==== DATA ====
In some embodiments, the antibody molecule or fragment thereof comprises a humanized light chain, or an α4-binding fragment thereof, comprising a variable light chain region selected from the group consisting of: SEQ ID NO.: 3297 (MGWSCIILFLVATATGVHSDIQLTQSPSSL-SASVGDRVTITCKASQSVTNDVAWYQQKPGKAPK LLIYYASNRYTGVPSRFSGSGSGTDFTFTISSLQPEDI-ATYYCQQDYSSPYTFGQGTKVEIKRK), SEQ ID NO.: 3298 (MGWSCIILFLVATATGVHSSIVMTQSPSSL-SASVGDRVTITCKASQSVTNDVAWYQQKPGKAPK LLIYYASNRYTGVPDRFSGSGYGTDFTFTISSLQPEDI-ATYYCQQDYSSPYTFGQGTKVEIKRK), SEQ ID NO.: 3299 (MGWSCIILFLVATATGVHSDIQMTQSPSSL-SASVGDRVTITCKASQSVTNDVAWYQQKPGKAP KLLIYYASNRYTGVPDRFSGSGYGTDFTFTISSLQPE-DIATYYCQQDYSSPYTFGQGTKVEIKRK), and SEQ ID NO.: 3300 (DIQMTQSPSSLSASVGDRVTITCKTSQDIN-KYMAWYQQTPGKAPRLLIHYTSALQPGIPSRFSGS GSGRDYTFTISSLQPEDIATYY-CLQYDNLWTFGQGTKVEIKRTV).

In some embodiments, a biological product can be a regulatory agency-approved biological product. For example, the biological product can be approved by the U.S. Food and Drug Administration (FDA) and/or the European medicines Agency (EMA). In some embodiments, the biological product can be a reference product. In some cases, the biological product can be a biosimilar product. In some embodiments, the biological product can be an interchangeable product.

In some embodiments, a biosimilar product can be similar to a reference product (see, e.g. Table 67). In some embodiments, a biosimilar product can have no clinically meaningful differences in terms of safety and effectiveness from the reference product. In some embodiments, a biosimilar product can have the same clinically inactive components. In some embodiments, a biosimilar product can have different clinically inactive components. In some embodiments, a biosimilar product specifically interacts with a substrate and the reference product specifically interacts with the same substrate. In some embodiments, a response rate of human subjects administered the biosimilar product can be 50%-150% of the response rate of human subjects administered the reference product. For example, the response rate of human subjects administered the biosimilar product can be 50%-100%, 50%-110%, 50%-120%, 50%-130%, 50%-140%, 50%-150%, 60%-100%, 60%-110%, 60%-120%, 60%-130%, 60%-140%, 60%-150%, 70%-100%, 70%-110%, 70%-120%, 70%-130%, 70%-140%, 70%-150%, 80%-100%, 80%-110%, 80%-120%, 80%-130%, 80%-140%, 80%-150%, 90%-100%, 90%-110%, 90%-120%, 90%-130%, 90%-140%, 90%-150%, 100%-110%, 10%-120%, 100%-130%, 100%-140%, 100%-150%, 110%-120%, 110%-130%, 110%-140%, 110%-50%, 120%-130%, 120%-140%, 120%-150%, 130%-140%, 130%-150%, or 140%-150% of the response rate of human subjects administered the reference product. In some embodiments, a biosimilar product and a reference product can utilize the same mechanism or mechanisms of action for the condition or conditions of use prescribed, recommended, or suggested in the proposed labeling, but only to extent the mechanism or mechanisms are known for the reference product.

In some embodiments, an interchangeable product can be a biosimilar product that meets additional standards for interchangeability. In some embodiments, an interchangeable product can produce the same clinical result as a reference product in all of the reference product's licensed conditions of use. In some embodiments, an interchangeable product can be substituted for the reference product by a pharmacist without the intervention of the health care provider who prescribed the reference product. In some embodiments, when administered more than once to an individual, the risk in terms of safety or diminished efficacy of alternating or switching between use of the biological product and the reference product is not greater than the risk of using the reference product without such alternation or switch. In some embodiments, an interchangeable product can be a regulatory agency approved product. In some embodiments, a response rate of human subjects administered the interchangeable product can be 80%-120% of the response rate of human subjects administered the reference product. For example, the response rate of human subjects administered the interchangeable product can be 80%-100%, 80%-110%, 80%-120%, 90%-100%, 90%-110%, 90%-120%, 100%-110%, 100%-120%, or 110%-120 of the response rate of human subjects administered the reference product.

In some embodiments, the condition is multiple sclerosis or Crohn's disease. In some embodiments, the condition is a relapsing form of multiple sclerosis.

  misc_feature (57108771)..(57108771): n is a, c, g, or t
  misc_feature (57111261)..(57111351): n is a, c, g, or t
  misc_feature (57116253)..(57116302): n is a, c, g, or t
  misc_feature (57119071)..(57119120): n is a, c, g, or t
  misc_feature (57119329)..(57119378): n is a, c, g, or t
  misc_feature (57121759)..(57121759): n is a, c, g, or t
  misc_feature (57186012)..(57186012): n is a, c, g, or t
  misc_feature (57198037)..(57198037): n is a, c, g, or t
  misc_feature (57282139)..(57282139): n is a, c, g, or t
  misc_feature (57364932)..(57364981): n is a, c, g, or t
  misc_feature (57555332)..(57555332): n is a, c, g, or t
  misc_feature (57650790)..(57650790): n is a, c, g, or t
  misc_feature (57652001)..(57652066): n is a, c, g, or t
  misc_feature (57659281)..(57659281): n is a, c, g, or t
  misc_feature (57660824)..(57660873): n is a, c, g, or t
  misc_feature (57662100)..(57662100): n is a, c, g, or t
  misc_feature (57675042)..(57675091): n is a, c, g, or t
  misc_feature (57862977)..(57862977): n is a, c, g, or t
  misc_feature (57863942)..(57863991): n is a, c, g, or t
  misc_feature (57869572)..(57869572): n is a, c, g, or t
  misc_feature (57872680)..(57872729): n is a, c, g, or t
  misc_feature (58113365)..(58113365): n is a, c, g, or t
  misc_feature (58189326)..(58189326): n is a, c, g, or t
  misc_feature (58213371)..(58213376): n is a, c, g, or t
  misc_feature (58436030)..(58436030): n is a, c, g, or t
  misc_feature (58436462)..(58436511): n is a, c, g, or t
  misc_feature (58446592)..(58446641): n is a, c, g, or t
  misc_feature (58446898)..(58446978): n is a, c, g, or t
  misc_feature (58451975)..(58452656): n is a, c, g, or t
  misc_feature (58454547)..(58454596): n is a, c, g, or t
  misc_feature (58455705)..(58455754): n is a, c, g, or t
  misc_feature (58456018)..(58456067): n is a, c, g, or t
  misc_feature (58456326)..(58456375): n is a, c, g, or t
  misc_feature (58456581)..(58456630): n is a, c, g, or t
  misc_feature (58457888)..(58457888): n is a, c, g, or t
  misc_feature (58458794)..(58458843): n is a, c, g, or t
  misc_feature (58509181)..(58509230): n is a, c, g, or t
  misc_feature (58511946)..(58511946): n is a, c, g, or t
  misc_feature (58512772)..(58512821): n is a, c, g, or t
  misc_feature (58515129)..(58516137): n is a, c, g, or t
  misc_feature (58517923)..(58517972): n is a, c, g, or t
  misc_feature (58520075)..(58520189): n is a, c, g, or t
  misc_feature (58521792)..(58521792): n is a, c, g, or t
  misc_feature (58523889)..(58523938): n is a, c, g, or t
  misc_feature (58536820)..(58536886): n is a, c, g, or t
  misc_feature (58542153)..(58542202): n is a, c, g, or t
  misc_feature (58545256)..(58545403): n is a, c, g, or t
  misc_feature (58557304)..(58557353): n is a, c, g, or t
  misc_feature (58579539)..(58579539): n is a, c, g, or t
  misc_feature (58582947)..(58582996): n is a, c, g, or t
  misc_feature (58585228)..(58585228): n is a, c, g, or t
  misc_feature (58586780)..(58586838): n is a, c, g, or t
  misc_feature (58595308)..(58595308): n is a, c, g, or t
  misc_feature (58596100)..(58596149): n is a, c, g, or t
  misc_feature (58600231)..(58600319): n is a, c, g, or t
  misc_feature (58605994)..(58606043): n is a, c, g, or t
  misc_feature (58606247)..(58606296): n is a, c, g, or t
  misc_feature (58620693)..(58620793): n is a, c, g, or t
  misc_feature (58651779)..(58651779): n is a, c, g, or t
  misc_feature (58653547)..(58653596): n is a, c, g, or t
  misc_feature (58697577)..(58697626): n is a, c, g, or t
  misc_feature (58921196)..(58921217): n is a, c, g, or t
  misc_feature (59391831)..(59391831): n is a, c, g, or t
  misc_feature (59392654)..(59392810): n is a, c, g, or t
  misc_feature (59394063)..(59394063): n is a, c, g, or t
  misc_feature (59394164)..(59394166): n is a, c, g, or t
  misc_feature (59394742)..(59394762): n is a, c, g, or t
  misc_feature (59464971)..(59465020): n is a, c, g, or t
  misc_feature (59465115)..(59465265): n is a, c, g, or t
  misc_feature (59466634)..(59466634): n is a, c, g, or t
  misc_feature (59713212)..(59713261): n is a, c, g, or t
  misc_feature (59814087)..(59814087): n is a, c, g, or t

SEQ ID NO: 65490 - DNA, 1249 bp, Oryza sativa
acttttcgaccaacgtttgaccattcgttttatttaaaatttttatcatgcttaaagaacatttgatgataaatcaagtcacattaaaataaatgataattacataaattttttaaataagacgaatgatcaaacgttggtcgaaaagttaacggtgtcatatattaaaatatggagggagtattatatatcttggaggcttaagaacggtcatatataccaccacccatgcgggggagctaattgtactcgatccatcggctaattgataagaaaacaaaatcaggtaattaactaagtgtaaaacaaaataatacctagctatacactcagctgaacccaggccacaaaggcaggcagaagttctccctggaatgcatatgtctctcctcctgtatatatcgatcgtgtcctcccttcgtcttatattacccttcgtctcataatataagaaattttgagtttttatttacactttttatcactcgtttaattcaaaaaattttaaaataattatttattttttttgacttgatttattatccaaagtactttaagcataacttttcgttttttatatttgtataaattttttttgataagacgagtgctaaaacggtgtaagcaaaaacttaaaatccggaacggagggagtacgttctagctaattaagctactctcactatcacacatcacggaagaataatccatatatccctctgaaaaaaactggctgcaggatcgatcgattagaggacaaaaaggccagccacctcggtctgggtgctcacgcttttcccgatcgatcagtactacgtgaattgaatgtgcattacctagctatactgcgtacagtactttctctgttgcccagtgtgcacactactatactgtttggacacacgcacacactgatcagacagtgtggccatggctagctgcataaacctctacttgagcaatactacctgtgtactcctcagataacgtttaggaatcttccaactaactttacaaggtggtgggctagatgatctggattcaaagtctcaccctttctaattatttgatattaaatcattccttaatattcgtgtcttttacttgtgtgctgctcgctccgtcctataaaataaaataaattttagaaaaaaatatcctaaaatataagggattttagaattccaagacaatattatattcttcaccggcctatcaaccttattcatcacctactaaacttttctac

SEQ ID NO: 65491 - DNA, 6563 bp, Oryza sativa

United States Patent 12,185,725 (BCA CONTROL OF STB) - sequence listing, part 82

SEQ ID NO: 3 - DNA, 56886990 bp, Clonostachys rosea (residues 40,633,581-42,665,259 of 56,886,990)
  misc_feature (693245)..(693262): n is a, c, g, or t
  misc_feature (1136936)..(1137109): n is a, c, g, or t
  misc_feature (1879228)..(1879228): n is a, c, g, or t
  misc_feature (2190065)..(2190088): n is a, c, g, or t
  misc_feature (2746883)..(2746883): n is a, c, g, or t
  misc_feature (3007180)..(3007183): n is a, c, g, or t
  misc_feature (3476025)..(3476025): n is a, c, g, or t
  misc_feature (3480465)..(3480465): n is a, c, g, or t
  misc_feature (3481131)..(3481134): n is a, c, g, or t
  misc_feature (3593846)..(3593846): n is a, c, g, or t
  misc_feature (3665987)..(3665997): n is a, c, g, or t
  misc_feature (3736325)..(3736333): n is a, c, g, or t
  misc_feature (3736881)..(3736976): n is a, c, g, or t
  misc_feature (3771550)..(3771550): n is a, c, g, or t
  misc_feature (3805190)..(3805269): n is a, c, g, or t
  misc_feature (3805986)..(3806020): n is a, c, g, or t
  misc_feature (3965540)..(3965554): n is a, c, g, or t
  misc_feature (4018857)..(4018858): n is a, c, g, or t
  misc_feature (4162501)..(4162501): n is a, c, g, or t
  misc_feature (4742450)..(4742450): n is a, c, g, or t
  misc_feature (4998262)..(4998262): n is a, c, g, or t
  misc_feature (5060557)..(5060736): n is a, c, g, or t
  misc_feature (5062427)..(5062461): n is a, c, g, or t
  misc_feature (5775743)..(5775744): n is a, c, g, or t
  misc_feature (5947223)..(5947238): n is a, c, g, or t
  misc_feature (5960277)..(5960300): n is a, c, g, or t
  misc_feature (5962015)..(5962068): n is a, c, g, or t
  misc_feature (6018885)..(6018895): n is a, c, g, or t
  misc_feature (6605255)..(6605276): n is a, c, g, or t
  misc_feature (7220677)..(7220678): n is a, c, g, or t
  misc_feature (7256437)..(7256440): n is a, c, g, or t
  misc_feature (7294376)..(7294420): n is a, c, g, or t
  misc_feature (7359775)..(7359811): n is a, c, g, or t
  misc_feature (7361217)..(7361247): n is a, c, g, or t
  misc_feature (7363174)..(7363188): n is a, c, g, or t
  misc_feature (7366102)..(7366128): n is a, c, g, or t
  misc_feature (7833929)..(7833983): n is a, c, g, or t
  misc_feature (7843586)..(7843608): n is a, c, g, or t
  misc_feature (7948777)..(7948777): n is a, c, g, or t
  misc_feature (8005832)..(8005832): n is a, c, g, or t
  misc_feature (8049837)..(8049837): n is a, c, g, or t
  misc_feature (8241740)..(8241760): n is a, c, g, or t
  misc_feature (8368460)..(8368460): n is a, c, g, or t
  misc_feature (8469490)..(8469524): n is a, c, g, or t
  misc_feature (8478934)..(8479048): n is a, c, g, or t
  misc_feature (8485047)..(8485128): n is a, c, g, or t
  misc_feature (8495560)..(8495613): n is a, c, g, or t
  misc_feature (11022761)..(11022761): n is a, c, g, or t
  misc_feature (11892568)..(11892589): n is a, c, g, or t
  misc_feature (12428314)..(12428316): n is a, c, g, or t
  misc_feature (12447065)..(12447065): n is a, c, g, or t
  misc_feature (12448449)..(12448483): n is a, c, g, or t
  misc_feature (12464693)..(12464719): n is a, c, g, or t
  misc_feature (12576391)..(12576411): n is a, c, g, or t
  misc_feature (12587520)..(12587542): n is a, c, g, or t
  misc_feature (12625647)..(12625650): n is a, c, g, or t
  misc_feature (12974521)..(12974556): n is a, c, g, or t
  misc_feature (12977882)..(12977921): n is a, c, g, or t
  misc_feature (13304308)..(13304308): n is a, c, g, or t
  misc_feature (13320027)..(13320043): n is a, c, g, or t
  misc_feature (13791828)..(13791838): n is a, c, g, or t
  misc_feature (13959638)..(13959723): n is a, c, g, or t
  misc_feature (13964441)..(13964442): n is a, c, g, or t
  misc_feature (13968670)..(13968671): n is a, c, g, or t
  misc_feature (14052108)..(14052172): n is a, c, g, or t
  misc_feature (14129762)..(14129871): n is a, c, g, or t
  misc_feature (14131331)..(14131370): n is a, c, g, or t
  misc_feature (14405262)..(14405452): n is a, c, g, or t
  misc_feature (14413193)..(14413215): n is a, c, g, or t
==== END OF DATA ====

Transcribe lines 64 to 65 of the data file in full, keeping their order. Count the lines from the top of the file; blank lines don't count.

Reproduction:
  misc_feature (58651779)..(58651779): n is a, c, g, or t
  misc_feature (58653547)..(58653596): n is a, c, g, or t